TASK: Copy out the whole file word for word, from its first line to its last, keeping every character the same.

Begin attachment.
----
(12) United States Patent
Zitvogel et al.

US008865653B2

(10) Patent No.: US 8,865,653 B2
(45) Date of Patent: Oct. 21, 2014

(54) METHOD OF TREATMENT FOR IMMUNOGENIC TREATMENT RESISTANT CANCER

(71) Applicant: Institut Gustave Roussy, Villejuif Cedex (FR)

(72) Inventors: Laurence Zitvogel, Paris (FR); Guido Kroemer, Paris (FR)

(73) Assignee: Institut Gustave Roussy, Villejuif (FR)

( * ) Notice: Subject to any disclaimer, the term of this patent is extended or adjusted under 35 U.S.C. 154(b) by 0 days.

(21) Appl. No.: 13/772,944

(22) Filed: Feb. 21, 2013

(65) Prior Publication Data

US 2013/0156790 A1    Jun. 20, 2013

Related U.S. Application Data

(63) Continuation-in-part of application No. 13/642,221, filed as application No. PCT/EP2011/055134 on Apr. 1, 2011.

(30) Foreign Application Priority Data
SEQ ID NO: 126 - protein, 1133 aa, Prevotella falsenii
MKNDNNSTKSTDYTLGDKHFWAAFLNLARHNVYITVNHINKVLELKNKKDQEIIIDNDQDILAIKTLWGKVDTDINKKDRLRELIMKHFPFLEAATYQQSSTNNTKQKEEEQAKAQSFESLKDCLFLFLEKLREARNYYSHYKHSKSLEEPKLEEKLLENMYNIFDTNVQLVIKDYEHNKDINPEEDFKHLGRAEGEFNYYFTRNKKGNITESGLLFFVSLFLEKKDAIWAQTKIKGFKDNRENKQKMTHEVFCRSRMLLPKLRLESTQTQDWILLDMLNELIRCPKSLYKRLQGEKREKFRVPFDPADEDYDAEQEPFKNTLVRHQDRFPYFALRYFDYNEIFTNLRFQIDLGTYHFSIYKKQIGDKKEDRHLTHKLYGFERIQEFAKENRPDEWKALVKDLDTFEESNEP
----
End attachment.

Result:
(12) United States Patent
Zitvogel et al.

US008865653B2

(10) Patent No.: US 8,865,653 B2
(45) Date of Patent: Oct. 21, 2014

(54) METHOD OF TREATMENT FOR IMMUNOGENIC TREATMENT RESISTANT CANCER

(71) Applicant: Institut Gustave Roussy, Villejuif Cedex (FR)

(72) Inventors: Laurence Zitvogel, Paris (FR); Guido Kroemer, Paris (FR)

(73) Assignee: Institut Gustave Roussy, Villejuif (FR)

( * ) Notice: Subject to any disclaimer, the term of this patent is extended or adjusted under 35 U.S.C. 154(b) by 0 days.

(21) Appl. No.: 13/772,944

(22) Filed: Feb. 21, 2013

(65) Prior Publication Data

US 2013/0156790 A1    Jun. 20, 2013

Related U.S. Application Data

(63) Continuation-in-part of application No. 13/642,221, filed as application No. PCT/EP2011/055134 on Apr. 1, 2011.

(30) Foreign Application Priority Data
SEQ ID NO: 126 - protein, 1133 aa, Prevotella falsenii
MKNDNNSTKSTDYTLGDKHFWAAFLNLARHNVYITVNHINKVLELKNKKDQEIIIDNDQDILAIKTLWGKVDTDINKKDRLRELIMKHFPFLEAATYQQSSTNNTKQKEEEQAKAQSFESLKDCLFLFLEKLREARNYYSHYKHSKSLEEPKLEEKLLENMYNIFDTNVQLVIKDYEHNKDINPEEDFKHLGRAEGEFNYYFTRNKKGNITESGLLFFVSLFLEKKDAIWAQTKIKGFKDNRENKQKMTHEVFCRSRMLLPKLRLESTQTQDWILLDMLNELIRCPKSLYKRLQGEKREKFRVPFDPADEDYDAEQEPFKNTLVRHQDRFPYFALRYFDYNEIFTNLRFQIDLGTYHFSIYKKQIGDKKEDRHLTHKLYGFERIQEFAKENRPDEWKALVKDLDTFEESNEP